I completed my undergraduate degree at Saginaw Valley State University and then attended the University of Tennessee in Knoxville where I earned my M.S. in Exercise Physiology and my Ph.D. in Kinesiology and Sport Studies with a concentration in Exercise Physiology. Following graduation, I continued my training by way of a postdoctoral fellowship with the Children’s Physical Activity Research Group, housed within the Dept. of Exercise Science in the Arnold School of Public Health at the University of South Carolina. Following my postdoctoral fellowship in August 2016, I returned to East Tennessee and joined the Maryville College family.
The classes I have been privileged to teach primarily involve the human body: how it works, how physical activity and the outdoors influence it, and how to keep it healthy. My courses taught include:
- Human Anatomy and Physiology I (BIO/EXS 217)
- Human Anatomy and Physiology II (BIO/EXS 218)
- Human Health and Wellness (PHR 101)
- Natural Environments and Health (OST 215)
- First Year Studies: Get Out and Play! (FYS110)
Although the human body tops my list of favorite things, my passion has always been, and continues to be, the great outdoors. Growing up in rural Northeast Michigan, I spent most of my time outdoors which has fostered a love for nature, outdoor activities, and conservation. When I’m not in the classroom, you can usually find me with my husband and our dogs in a boat, on a riverbank, or in the woods. I consider myself incredibly lucky to have the opportunity to combine my interests through my teaching, research, and the Fit.Green.Happy™ initiative at Maryville College. My research interests highlights the relationship between physical activity, outdoor time, and health in children and adults. Further, I am interested in strategies and programs that provide children with opportunities to spend more time outdoors, either through sport or free play and becoming stewards and advocates for the environment. I am involved in several organizations at the regional and national level, including the American College of Sports Medicine and the North American Society for Pediatric Exercise Medicine as well as on the Board of Directors for the American Forest Kindergarten Association.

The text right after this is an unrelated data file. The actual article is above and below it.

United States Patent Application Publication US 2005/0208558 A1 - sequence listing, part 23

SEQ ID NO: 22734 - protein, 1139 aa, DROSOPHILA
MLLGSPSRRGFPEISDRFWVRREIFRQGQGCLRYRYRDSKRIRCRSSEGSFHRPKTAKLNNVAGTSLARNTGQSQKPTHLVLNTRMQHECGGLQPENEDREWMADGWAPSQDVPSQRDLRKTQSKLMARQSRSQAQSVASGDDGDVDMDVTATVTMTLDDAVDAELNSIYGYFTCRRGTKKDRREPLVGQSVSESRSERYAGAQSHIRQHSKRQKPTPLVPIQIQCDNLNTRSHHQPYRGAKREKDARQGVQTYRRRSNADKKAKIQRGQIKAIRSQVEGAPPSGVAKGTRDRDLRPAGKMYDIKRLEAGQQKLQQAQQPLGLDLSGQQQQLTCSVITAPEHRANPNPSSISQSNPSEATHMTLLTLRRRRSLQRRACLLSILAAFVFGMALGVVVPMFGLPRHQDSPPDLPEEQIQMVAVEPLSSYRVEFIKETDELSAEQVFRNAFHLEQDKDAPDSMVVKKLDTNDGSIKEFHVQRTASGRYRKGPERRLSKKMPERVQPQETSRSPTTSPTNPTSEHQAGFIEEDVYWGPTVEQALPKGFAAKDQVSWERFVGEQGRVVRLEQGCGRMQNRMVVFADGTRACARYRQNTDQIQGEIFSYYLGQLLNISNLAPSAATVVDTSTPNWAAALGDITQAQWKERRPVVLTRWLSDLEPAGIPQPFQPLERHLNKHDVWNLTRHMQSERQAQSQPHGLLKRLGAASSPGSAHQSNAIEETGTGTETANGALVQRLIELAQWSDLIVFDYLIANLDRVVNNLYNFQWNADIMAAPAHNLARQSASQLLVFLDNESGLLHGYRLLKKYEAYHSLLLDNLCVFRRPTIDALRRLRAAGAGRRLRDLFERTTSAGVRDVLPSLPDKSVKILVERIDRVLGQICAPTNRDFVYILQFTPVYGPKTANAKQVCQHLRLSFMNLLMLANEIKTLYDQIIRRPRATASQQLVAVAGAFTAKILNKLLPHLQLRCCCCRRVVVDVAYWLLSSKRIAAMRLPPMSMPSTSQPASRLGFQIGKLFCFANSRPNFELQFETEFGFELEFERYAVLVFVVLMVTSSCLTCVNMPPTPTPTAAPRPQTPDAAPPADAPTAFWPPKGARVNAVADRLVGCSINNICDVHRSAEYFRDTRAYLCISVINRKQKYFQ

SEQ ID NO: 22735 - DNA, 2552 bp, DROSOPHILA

For more information about my professional background, see my curriculum vitae (visit HERE!)
- Flynn, J.I., Bassett, D.R., Fouts, H.N., Thompson, D. L., and D.P. Coe. Active Families in the Great Outdoors: A program to promote family outdoor physical activity. Journal of Adventure Learning and Outdoor Education. (In press). 2017.
- Pate, R.R., Flynn, J.I., and M. Dowda. Policies for promotion of physical activity and prevention of obesity in youth. Journal of Exercise Science and Fitness. (In press). 2016.
- Ross, S.E., Flynn, J.I., and R.R. Pate. What’s really causing the obesity epidemic? A review of reviews in children and adolescents. Journal of Sports Sciences. (In press; Published ahead of print on September 23, 2015)
- Chandler, J.L., Flynn, J.I., Bassett, D.R., Fitzhugh, E.C., Waller, S.N., Aaron, K., Walsh, J., Manuel, K., Fernandez, R., Epperson, B., and E. Zavisca. A Community-Based After-School Program to Promote Bicycling Skills and Knowledge: Kids Can Bike! Journal of Park and Recreation Administration. 2015. 33(4):90-99.
- Crouter, S.E., Flynn, J.I., and D.R. Bassett. Estimating physical activity in youth using a wrist accelerometer. Medicine and Science in Sports and Exercise. 2015. 47(5):944-951.
- Coe, D.P., Flynn, J.I., Wolff, D.L., Scott, S., and R.S. Durham. Children’s physical activity levels and utilization of a traditional versus natural playground. Children, Youth, and Environments Journal. 2014. 24(3):1-15.
- Flynn, J.I., Coe, D.P., Rider, B.C., Conger, S.A., and D.R. Bassett. Detecting indoor and outdoor environments using the ActiGraph GT3X+ light sensor in children. Medicine and Science in Sports and Exercise. 2014. 46(1):201-206.
- Gregory, D.A., Pfeiffer, K.A., Vickers, K.E., Aubrey, A.J., Flynn, J.I., Connolly, C.P., and D.P. Coe. Physiologic responses to running with a jogging stroller. International Journal of Sports Medicine. 2012. 33(9):711-715.